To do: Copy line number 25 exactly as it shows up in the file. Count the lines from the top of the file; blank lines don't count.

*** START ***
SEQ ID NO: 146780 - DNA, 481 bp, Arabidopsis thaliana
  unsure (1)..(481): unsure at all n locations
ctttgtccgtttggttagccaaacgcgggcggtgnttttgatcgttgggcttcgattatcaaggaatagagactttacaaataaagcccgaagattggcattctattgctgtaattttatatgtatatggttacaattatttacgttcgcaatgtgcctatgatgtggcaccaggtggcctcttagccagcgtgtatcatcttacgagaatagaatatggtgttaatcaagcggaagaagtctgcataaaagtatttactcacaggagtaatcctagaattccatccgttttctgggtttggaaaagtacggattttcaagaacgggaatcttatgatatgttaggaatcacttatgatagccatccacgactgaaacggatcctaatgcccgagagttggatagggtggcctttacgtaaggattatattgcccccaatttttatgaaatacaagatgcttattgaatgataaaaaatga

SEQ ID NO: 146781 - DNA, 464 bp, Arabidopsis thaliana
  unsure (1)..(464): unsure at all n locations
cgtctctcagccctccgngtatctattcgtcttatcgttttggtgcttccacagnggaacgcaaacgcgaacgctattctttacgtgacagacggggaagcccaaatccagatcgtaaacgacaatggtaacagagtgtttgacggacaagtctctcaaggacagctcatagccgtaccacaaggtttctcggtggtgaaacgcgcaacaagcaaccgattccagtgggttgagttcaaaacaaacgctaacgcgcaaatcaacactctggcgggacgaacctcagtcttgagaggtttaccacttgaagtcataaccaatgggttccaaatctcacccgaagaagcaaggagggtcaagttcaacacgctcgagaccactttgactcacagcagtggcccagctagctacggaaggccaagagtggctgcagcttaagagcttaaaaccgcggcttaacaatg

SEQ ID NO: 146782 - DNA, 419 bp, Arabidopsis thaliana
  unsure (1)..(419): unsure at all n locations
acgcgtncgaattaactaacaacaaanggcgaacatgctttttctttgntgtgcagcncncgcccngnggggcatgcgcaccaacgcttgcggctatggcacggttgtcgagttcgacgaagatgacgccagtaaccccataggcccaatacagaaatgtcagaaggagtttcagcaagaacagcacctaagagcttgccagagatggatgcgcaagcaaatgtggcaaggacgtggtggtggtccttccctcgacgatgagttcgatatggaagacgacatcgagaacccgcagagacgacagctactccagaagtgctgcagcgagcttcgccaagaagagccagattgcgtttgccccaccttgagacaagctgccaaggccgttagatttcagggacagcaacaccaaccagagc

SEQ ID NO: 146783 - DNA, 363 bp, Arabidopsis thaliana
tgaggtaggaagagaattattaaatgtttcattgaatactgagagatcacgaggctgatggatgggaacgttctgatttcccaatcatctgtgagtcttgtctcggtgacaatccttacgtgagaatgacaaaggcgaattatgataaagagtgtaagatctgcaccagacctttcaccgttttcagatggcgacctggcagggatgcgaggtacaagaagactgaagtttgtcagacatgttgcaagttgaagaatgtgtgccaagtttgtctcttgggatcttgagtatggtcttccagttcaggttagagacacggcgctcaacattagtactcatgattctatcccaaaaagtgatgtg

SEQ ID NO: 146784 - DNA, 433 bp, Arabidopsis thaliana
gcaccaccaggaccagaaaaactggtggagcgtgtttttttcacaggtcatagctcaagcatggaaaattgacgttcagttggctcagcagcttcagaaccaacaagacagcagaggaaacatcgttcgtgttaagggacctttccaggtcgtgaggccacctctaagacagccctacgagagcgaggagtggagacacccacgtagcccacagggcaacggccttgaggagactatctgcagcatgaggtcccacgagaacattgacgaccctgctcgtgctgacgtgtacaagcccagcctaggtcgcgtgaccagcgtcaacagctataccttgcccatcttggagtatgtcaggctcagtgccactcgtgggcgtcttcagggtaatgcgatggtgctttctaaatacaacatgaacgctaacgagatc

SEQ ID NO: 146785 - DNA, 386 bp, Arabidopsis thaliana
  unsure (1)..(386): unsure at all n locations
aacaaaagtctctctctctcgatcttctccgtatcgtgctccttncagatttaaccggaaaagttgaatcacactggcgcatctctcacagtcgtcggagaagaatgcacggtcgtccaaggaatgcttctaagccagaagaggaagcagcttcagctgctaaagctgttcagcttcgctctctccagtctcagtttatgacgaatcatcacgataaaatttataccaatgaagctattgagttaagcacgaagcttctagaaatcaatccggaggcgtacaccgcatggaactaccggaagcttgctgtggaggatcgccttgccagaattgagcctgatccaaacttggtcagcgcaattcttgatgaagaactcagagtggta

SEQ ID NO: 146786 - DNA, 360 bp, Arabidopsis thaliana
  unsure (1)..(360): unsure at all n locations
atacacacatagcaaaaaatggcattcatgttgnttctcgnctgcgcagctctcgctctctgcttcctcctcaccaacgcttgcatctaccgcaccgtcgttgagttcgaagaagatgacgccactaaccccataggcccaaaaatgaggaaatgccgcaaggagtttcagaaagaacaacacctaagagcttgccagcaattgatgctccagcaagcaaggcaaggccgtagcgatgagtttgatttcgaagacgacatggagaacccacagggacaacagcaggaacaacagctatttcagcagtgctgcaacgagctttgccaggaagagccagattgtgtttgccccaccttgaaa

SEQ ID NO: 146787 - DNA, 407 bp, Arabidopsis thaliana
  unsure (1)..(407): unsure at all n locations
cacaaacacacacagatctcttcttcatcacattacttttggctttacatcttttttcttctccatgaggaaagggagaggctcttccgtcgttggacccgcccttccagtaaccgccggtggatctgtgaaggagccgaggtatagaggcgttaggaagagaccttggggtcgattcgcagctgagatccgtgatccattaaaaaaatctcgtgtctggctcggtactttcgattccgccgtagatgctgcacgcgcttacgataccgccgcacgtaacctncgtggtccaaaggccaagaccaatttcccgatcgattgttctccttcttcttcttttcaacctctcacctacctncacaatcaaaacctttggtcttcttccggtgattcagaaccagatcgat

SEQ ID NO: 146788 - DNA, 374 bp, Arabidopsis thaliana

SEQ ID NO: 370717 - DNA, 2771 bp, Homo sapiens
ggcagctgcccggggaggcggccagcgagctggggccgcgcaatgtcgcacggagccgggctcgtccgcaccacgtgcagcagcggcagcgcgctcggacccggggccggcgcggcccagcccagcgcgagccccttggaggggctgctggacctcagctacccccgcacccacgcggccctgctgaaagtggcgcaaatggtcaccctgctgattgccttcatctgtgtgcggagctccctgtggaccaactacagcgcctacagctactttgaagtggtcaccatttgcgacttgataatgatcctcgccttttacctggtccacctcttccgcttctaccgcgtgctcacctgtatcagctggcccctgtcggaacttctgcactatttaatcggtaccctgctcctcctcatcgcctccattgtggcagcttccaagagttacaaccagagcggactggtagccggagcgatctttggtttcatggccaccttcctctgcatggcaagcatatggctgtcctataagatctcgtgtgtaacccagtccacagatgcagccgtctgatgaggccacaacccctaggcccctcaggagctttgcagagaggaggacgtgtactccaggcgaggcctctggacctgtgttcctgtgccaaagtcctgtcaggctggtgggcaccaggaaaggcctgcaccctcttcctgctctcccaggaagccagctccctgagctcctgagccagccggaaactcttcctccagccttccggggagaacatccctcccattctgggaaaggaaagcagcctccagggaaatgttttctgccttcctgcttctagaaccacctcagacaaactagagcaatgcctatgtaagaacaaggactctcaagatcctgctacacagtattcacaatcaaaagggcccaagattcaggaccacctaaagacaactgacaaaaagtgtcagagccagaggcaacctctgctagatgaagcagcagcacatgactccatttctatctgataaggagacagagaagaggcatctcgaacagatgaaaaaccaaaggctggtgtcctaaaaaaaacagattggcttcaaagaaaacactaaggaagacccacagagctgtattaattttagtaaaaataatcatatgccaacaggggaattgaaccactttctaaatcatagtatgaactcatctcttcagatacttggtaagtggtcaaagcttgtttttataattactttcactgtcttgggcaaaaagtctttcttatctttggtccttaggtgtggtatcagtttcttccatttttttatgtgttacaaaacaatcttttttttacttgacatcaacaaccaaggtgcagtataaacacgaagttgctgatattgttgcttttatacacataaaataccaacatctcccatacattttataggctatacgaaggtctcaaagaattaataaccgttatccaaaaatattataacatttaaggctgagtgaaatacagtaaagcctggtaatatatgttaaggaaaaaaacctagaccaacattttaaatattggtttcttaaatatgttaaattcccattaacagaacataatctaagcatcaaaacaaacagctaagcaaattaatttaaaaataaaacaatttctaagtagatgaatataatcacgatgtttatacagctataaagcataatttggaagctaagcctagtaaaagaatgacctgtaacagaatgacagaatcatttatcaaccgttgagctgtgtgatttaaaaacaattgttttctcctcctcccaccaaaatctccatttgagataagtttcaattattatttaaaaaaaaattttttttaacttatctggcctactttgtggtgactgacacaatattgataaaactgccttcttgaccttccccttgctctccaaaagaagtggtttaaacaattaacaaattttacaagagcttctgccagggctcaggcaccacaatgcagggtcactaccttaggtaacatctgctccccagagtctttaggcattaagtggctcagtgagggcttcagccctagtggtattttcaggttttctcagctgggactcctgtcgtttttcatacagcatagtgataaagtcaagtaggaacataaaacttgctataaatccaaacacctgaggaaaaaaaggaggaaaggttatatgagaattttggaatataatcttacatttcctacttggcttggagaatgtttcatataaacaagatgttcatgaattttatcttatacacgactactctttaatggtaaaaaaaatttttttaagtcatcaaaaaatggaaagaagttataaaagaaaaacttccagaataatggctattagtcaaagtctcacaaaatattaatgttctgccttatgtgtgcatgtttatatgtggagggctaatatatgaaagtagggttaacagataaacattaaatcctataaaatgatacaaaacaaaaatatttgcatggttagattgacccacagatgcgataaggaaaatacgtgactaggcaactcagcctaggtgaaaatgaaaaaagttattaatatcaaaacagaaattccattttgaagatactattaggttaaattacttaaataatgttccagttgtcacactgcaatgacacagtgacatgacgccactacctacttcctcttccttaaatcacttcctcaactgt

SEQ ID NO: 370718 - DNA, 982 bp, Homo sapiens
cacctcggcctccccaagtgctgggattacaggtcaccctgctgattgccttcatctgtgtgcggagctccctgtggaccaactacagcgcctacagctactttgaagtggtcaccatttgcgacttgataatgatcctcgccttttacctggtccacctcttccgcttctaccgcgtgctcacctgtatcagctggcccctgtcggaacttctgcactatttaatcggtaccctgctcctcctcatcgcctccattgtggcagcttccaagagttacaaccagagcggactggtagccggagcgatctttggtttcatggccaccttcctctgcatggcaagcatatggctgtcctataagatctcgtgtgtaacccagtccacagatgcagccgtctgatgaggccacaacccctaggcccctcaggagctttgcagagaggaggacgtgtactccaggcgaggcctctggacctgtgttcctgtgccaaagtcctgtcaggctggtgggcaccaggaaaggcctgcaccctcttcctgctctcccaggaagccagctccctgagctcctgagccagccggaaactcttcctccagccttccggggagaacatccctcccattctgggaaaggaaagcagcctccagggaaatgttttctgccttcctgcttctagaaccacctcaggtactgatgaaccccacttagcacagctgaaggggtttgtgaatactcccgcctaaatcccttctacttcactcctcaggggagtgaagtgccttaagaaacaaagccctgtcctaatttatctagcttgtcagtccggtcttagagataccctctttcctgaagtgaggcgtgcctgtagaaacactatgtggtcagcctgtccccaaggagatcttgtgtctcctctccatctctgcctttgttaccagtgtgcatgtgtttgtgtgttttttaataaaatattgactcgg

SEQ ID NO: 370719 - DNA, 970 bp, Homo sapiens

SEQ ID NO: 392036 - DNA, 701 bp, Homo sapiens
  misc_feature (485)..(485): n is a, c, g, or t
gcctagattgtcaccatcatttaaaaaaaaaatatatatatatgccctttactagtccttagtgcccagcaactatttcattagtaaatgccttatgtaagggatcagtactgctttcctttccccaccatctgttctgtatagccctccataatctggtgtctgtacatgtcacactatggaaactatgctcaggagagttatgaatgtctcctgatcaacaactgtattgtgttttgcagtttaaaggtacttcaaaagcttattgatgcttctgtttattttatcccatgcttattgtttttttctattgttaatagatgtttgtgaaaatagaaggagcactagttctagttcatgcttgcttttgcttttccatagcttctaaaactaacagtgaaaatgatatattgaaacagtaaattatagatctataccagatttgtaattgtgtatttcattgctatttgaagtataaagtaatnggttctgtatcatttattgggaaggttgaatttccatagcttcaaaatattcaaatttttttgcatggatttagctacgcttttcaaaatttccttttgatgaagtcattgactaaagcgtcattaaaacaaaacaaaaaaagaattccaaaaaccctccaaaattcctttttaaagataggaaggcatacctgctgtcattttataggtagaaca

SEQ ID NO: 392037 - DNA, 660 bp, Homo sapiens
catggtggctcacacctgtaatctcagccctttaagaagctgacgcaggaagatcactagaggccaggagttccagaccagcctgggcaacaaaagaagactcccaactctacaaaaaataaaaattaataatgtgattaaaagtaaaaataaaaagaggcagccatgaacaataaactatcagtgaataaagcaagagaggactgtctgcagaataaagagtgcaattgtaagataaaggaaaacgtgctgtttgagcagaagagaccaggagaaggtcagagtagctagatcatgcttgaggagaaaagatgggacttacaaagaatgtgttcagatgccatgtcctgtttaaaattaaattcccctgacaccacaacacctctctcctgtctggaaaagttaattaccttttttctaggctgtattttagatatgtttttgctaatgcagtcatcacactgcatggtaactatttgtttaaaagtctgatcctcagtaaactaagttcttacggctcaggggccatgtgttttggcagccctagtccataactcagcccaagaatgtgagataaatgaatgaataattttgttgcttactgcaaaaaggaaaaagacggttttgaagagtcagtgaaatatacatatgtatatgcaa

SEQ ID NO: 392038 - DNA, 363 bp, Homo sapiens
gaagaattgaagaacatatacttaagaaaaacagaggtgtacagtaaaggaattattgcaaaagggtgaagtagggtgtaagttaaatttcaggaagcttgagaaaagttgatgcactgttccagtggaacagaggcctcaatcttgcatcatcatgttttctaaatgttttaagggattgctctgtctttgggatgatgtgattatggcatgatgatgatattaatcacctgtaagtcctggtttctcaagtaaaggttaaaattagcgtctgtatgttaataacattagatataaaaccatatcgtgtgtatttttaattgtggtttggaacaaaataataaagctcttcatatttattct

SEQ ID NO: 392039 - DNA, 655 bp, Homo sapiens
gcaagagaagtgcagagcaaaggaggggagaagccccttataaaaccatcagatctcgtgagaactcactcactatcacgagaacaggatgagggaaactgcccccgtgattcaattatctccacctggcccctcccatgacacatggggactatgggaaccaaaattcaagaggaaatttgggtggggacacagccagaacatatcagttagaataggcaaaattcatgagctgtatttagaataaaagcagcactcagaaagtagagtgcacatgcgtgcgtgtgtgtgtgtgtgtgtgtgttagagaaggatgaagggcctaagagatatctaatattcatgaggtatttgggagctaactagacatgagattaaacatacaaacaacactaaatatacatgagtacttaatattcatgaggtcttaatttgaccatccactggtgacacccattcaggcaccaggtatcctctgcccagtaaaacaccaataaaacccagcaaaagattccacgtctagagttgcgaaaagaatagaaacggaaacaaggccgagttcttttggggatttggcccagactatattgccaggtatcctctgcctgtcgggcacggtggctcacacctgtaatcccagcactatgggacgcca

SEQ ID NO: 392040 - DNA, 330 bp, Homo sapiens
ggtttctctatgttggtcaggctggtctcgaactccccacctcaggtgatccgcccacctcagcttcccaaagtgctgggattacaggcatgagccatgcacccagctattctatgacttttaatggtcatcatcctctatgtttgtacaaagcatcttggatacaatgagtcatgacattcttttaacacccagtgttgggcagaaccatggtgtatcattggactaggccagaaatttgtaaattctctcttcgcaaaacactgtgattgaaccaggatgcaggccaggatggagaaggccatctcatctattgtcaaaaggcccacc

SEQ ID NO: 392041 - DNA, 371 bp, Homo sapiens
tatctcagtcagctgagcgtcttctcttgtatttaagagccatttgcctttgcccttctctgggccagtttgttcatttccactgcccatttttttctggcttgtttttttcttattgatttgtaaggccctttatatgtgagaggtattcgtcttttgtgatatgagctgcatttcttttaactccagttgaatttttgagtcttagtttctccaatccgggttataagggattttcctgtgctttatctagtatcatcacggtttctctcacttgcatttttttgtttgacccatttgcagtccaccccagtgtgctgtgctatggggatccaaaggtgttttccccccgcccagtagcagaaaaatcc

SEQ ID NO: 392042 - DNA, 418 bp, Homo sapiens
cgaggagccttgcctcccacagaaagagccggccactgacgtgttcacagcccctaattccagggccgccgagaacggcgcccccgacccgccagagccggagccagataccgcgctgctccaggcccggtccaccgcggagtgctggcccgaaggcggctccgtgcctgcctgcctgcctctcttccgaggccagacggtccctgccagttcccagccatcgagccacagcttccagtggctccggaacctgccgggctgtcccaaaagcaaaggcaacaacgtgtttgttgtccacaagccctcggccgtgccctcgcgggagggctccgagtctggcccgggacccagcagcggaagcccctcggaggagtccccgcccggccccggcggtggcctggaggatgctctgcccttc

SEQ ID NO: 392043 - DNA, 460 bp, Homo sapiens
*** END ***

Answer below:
ggcagctgcccggggaggcggccagcgagctggggccgcgcaatgtcgcacggagccgggctcgtccgcaccacgtgcagcagcggcagcgcgctcggacccggggccggcgcggcccagcccagcgcgagccccttggaggggctgctggacctcagctacccccgcacccacgcggccctgctgaaagtggcgcaaatggtcaccctgctgattgccttcatctgtgtgcggagctccctgtggaccaactacagcgcctacagctactttgaagtggtcaccatttgcgacttgataatgatcctcgccttttacctggtccacctcttccgcttctaccgcgtgctcacctgtatcagctggcccctgtcggaacttctgcactatttaatcggtaccctgctcctcctcatcgcctccattgtggcagcttccaagagttacaaccagagcggactggtagccggagcgatctttggtttcatggccaccttcctctgcatggcaagcatatggctgtcctataagatctcgtgtgtaacccagtccacagatgcagccgtctgatgaggccacaacccctaggcccctcaggagctttgcagagaggaggacgtgtactccaggcgaggcctctggacctgtgttcctgtgccaaagtcctgtcaggctggtgggcaccaggaaaggcctgcaccctcttcctgctctcccaggaagccagctccctgagctcctgagccagccggaaactcttcctccagccttccggggagaacatccctcccattctgggaaaggaaagcagcctccagggaaatgttttctgccttcctgcttctagaaccacctcagacaaactagagcaatgcctatgtaagaacaaggactctcaagatcctgctacacagtattcacaatcaaaagggcccaagattcaggaccacctaaagacaactgacaaaaagtgtcagagccagaggcaacctctgctagatgaagcagcagcacatgactccatttctatctgataaggagacagagaagaggcatctcgaacagatgaaaaaccaaaggctggtgtcctaaaaaaaacagattggcttcaaagaaaacactaaggaagacccacagagctgtattaattttagtaaaaataatcatatgccaacaggggaattgaaccactttctaaatcatagtatgaactcatctcttcagatacttggtaagtggtcaaagcttgtttttataattactttcactgtcttgggcaaaaagtctttcttatctttggtccttaggtgtggtatcagtttcttccatttttttatgtgttacaaaacaatcttttttttacttgacatcaacaaccaaggtgcagtataaacacgaagttgctgatattgttgcttttatacacataaaataccaacatctcccatacattttataggctatacgaaggtctcaaagaattaataaccgttatccaaaaatattataacatttaaggctgagtgaaatacagtaaagcctggtaatatatgttaaggaaaaaaacctagaccaacattttaaatattggtttcttaaatatgttaaattcccattaacagaacataatctaagcatcaaaacaaacagctaagcaaattaatttaaaaataaaacaatttctaagtagatgaatataatcacgatgtttatacagctataaagcataatttggaagctaagcctagtaaaagaatgacctgtaacagaatgacagaatcatttatcaaccgttgagctgtgtgatttaaaaacaattgttttctcctcctcccaccaaaatctccatttgagataagtttcaattattatttaaaaaaaaattttttttaacttatctggcctactttgtggtgactgacacaatattgataaaactgccttcttgaccttccccttgctctccaaaagaagtggtttaaacaattaacaaattttacaagagcttctgccagggctcaggcaccacaatgcagggtcactaccttaggtaacatctgctccccagagtctttaggcattaagtggctcagtgagggcttcagccctagtggtattttcaggttttctcagctgggactcctgtcgtttttcatacagcatagtgataaagtcaagtaggaacataaaacttgctataaatccaaacacctgaggaaaaaaaggaggaaaggttatatgagaattttggaatataatcttacatttcctacttggcttggagaatgtttcatataaacaagatgttcatgaattttatcttatacacgactactctttaatggtaaaaaaaatttttttaagtcatcaaaaaatggaaagaagttataaaagaaaaacttccagaataatggctattagtcaaagtctcacaaaatattaatgttctgccttatgtgtgcatgtttatatgtggagggctaatatatgaaagtagggttaacagataaacattaaatcctataaaatgatacaaaacaaaaatatttgcatggttagattgacccacagatgcgataaggaaaatacgtgactaggcaactcagcctaggtgaaaatgaaaaaagttattaatatcaaaacagaaattccattttgaagatactattaggttaaattacttaaataatgttccagttgtcacactgcaatgacacagtgacatgacgccactacctacttcctcttccttaaatcacttcctcaactgt